In a sense every wedding is a royal wedding with the bride and the groom as king and queen of creation, making a new life together so that life can flow through them into the future.‘William and Catherine, you have chosen to be married in the sight of a generous God who so loved the world that he gave himself to us in the person of Jesus Christ. And in the Spirit of this generous God, husband and wife are to give themselves to each another.’

‘A spiritual life grows as love finds its centre beyond ourselves. Faithful and committed relationships offer a door into the mystery of spiritual life in which we discover this; the more we give of self, the richer we become in soul; the more we go beyond ourselves in love, the more we become our true selves and our spiritual beauty is more fully revealed. In marriage we are seeking to bring one another into fuller life.

‘It is of course very hard to wean ourselves away from self-centredness. And people can dream of doing such a thing but the hope should be fulfilled it is necessary a solemn decision that, whatever the difficulties, we are committed to the way of generous love.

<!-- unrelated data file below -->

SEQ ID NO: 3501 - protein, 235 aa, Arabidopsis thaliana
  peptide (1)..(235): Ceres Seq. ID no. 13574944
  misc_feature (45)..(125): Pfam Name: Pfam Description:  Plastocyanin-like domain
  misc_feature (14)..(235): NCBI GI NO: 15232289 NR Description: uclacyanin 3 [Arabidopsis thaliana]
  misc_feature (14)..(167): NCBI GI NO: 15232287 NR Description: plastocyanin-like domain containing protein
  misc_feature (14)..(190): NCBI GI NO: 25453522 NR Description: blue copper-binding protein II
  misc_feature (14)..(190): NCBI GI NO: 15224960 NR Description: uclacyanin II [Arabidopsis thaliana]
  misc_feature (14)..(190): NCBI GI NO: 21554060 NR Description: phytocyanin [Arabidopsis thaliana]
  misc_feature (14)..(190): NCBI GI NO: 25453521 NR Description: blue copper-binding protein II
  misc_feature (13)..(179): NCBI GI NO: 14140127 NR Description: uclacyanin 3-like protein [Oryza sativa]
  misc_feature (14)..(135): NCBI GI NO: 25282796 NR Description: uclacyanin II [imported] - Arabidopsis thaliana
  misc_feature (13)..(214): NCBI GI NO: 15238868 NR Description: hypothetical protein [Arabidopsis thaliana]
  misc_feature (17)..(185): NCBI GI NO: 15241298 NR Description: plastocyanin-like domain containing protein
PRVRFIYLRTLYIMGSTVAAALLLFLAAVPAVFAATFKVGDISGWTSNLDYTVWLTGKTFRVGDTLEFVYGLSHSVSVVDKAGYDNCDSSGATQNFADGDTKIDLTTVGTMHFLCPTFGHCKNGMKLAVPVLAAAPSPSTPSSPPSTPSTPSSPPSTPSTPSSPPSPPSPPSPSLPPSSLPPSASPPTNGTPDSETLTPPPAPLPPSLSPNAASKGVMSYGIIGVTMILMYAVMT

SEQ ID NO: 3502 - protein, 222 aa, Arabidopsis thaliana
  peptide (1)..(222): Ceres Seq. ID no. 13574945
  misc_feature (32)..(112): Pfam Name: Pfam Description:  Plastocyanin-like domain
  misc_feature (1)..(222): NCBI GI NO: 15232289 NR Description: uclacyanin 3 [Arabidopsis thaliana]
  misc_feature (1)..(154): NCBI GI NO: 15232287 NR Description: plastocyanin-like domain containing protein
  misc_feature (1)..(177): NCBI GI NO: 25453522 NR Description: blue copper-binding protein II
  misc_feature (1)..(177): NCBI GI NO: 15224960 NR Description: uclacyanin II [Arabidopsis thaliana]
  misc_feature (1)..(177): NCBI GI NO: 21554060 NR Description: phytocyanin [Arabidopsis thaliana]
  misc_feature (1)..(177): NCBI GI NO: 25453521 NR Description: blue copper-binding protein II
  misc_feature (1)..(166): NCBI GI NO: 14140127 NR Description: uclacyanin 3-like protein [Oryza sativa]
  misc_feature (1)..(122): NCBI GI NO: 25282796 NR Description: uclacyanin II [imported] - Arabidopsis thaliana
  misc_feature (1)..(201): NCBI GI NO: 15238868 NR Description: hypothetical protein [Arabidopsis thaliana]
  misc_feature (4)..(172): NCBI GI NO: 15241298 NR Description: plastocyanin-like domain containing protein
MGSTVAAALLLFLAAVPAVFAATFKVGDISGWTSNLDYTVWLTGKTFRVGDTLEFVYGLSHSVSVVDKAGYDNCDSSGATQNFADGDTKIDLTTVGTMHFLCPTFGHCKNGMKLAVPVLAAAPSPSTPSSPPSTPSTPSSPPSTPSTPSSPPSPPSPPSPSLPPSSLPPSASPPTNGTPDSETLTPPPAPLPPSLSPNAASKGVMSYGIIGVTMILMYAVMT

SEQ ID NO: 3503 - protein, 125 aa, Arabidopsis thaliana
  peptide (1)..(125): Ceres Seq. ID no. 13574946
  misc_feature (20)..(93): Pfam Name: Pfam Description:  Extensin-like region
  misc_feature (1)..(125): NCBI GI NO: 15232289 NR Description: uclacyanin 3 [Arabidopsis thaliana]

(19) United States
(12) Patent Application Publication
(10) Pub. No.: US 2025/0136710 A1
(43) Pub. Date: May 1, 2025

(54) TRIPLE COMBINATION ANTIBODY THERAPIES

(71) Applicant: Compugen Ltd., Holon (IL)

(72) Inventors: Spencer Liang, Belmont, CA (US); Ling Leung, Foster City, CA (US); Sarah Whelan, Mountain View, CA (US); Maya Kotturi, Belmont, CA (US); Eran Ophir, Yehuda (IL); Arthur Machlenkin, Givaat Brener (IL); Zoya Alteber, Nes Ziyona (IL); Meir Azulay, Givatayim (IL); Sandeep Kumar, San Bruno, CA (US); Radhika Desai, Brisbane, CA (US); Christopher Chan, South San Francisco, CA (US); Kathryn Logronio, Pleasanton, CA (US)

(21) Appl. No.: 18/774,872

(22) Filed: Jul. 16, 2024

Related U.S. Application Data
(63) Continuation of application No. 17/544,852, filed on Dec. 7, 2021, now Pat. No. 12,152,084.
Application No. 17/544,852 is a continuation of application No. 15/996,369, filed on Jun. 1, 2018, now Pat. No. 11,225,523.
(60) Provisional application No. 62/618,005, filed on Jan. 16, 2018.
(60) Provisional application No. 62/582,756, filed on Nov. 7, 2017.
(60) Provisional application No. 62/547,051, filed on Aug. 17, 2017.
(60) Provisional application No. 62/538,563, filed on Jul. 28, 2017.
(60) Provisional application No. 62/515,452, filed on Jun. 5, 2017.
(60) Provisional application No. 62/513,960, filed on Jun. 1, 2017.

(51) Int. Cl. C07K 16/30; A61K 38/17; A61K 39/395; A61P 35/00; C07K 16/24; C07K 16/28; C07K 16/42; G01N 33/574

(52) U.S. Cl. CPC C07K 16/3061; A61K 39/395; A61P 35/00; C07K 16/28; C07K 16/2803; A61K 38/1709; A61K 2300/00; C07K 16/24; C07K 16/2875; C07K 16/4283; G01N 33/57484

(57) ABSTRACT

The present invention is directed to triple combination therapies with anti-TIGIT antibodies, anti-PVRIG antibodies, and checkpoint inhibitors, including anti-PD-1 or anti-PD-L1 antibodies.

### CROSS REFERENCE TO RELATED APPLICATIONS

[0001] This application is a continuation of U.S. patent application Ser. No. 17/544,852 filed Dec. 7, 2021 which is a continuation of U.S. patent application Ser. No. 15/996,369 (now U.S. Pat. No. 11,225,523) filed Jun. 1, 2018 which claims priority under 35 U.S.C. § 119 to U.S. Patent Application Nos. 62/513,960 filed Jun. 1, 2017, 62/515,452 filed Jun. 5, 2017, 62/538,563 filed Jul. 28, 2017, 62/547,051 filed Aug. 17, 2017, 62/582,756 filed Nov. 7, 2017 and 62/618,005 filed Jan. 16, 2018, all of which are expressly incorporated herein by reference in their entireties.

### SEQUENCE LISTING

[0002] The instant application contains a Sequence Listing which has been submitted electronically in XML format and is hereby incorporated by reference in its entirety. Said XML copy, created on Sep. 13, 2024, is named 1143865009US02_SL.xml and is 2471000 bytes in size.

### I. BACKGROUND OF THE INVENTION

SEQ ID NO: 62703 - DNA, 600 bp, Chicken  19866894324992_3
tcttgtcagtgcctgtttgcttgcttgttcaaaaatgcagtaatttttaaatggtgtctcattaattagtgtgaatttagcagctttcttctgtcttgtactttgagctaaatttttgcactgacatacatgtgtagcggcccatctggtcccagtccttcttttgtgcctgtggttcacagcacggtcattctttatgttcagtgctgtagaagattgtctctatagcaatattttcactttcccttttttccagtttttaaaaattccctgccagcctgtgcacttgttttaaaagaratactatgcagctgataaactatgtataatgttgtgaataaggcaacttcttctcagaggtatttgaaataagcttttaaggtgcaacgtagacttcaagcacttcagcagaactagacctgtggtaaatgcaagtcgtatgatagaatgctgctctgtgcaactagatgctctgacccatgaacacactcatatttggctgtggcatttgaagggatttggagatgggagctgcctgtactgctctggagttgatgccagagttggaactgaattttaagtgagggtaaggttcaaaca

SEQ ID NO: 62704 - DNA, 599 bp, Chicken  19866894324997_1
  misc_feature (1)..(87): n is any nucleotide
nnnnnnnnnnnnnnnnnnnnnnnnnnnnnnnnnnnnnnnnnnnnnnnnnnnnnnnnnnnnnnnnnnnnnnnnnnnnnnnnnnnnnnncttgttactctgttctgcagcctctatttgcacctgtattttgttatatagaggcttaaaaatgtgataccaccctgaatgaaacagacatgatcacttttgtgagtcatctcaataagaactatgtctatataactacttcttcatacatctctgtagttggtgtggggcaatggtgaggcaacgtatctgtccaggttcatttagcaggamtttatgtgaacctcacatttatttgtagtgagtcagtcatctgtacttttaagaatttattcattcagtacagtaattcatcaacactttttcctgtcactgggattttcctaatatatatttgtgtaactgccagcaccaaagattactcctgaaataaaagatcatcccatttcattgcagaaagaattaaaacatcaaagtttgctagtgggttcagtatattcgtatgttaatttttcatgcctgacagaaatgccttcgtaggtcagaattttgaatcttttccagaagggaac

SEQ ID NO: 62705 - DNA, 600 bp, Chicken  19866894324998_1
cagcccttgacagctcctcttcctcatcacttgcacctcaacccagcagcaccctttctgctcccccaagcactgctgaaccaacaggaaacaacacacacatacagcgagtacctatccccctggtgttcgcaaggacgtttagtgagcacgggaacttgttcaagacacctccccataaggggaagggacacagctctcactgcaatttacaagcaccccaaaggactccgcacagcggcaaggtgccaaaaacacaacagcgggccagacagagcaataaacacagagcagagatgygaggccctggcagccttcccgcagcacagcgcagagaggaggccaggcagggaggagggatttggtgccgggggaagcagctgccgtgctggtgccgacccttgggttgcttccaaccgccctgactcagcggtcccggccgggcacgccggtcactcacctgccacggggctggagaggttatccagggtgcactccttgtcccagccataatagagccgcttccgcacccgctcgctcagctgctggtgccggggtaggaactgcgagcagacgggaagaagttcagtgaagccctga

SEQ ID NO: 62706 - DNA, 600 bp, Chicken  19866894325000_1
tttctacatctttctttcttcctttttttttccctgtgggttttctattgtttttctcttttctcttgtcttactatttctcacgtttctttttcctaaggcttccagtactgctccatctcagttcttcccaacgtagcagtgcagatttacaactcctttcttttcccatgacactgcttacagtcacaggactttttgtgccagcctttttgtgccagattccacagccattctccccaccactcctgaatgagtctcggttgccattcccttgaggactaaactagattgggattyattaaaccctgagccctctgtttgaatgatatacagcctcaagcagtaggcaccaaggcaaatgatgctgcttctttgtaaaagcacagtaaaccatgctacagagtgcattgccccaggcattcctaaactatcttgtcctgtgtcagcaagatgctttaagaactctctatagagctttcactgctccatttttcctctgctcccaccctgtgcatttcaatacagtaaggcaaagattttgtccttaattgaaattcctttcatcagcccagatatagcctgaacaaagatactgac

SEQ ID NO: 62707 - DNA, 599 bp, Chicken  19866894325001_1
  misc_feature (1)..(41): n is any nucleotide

‘You have both made your decision today – “I will” – and by making this new relationship, you have aligned yourselves with what we believe is the way in which life is spiritually evolving, and which will lead to a creative future for the human race.

‘We stand looking forward to a century which is full of promise and full of peril. Human beings are confronting the question of how to use wisely a power that has been given to us through the discoveries of the last century. We shall not be converted to the promise of the future by more knowledge, but rather by an increase of loving wisdom and reverence, for life, for the earth and for one another.